Discussion in 'Fan Productions' started by dru, Aug 6, 2012.
I assume that Tobias is the person responsible for bringing Arex to life?
No argument here. He also had just about the best movie in the series.
I meant no offense nor any bad implications in my use of the term, I just meant to neutrally refer to those who did not agree with the decision, whose opinion I respect. Perhaps objectors would be more suitable? I must confess my vocabulary is feeling a bit rusty lately.
A detractor of something tries to discredit it or tarnish its reputation, so that revision is appreciated.
Brian Gross shows a lot of promise. I think he'll be good.
But Drake was a pirate, not an explorer.
He was the second Captain to circumnavigate the Earth by sea, apparently. Would that make him enough of an explorer for you?
No, because he did so as part of a piracy mission and Magellan had already accomplished it.
Strictly speaking, Magellan died and Elcano completed the mission, but I see your point in that regard.
Btw: he did so as part of a privateer mission, which - while technically merely sanctioned piracy of course - was apparently considered a mandated exploratory expedition by Queen Elizabeth I, so not "just" piracy. And the result was still a circumnavigation of the world. If my (admittedly brief) researches are accurate, Magellan was also working with a similar basic premise (go on said expedition to advance interests of sovereign nation) so you could possibly argue that the reason either went on those missions was irrelevant to both's status as "explorers". Bent obviously this is all A) a matter of opinion and B) irrelevant to this thread, so I'll leave that there.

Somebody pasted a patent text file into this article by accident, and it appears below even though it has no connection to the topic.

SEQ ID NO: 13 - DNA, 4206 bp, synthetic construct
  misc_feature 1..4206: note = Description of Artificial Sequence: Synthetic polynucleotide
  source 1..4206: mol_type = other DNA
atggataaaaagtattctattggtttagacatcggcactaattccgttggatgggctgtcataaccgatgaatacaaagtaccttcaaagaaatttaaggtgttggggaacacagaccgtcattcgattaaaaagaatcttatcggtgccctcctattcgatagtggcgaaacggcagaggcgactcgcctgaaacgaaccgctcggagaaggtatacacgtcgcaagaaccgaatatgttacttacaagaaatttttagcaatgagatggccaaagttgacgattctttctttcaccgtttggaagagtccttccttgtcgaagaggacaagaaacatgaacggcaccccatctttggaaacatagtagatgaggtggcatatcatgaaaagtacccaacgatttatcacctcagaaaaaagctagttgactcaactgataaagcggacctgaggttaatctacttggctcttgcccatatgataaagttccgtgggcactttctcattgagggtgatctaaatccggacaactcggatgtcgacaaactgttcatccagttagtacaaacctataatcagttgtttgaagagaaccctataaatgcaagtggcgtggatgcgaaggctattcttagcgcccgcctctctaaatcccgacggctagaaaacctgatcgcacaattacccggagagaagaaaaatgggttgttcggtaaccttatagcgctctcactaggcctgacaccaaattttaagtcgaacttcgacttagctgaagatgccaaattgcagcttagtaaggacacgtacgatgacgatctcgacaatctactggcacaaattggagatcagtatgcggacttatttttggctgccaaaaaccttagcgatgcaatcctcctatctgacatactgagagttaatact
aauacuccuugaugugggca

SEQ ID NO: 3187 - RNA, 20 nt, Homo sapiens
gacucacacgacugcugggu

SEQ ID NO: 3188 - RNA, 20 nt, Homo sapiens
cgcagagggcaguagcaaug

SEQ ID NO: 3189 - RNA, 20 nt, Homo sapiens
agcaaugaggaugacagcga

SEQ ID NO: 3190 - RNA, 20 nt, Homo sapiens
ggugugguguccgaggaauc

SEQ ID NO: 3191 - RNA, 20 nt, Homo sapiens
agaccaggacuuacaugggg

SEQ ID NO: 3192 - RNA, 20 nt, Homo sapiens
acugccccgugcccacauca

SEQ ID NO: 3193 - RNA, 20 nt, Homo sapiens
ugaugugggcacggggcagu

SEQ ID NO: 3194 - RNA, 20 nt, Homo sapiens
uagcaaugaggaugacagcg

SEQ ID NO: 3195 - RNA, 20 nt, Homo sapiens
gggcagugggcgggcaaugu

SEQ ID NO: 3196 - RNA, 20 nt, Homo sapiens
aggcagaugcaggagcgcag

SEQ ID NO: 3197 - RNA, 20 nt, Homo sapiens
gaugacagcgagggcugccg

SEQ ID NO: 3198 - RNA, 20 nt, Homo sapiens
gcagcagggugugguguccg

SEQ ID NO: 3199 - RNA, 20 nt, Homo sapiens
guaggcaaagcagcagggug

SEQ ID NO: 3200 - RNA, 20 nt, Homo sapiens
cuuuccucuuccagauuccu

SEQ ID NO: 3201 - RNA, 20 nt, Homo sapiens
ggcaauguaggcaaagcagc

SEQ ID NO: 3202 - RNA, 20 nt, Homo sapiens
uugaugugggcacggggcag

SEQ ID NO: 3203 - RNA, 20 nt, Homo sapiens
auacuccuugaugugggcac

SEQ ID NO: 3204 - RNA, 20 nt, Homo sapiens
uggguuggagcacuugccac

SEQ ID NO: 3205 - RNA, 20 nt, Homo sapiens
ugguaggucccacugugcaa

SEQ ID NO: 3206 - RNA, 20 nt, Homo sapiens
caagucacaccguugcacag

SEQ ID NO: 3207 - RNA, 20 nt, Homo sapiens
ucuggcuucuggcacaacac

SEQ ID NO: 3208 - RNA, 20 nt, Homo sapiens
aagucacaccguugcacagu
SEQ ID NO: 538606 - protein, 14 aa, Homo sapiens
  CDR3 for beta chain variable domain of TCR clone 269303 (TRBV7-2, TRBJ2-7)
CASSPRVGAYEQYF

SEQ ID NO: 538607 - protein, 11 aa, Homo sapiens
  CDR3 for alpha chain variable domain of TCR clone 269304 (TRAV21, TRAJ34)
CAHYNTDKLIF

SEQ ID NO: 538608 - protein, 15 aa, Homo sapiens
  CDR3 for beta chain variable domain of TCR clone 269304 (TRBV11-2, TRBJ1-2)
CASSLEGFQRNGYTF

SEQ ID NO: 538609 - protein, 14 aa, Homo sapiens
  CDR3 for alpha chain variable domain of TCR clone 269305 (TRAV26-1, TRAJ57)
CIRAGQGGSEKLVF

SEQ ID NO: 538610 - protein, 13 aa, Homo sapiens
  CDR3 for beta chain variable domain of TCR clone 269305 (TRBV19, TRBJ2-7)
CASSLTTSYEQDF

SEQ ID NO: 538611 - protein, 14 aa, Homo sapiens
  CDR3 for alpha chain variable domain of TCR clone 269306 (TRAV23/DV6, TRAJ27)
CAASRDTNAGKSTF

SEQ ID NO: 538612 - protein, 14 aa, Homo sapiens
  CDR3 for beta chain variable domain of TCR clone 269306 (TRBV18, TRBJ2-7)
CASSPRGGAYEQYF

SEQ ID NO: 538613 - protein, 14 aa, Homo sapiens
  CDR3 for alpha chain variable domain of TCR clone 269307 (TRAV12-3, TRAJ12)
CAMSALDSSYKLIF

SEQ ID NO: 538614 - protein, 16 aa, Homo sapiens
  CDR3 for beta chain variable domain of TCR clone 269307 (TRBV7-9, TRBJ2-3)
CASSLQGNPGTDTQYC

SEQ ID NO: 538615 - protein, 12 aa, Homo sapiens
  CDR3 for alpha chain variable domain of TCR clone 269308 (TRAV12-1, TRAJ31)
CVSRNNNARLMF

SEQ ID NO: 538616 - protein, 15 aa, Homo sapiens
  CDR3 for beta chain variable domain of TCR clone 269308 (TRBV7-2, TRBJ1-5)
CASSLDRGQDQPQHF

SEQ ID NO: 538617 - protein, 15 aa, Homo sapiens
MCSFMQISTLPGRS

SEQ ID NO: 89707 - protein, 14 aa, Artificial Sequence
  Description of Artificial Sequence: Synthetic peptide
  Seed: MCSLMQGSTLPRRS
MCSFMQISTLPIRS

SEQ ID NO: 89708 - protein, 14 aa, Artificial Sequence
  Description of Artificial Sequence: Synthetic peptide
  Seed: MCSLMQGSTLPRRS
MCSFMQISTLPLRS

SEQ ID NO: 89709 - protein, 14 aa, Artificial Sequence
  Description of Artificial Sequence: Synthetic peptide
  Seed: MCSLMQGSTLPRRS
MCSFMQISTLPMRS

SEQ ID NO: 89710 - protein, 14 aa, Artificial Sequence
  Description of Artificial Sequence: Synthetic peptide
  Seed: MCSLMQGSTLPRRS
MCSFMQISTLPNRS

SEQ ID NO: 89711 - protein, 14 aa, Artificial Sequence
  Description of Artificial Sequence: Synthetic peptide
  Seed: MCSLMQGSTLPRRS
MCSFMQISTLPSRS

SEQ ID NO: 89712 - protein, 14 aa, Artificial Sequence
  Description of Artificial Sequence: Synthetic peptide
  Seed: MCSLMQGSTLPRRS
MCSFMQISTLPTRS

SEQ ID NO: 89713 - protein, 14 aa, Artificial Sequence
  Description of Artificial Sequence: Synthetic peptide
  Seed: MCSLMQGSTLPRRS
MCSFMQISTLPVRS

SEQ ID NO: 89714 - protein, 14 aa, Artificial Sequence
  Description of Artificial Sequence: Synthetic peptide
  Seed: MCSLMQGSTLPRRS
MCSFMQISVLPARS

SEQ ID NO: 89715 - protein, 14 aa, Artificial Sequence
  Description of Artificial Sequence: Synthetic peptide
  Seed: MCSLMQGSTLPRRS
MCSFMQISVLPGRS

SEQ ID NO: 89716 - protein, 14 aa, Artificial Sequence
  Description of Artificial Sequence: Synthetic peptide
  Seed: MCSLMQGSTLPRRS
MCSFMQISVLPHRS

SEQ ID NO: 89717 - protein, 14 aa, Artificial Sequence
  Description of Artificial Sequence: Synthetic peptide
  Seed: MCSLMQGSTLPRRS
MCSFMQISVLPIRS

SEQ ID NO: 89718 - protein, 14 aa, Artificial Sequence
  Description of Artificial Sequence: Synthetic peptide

In any case, the question of whether he belongs in Kirk's dialogue is an interesting one. Technically speaking, Kirk's romanticising every name he's using, so whether you accept Drake as an explorer or not in the historical sense, romanticised history does, in fact, treat him as such. I find the names rather apt. There were other historical names that could have popped up - Columbus and Cook perhaps, if we're going with romanticised history - but yeah. Good speech. Nice "Archer" reference. The entire thing's essentially a giant dialogue piece but it showcases Mr Gross very well.
Anyway, I should go back to sleep. Thanks for the discussion.
Sure. Sorry to contribute to the scourge of topic drift.
The vignette served a number of purposes for us.
It was heavy on dialog for Brian Gross--to showcase our new Kirk actor.
It had originally been conceived of a sa epilogue follow-up vignette to "Blood and Fire"--with a memorial service for the late Lieutenant Alex Freeman. In the end, we decided to make reference not only to a number of Phase II characters who had perished in recent episodes, but it also allowed us to acknowlege, by name, a number of important New Voyages/Phase II production crew members who had recently passed away. (It was a way for us to recognize our own fallen family members, and was cathartic for us.)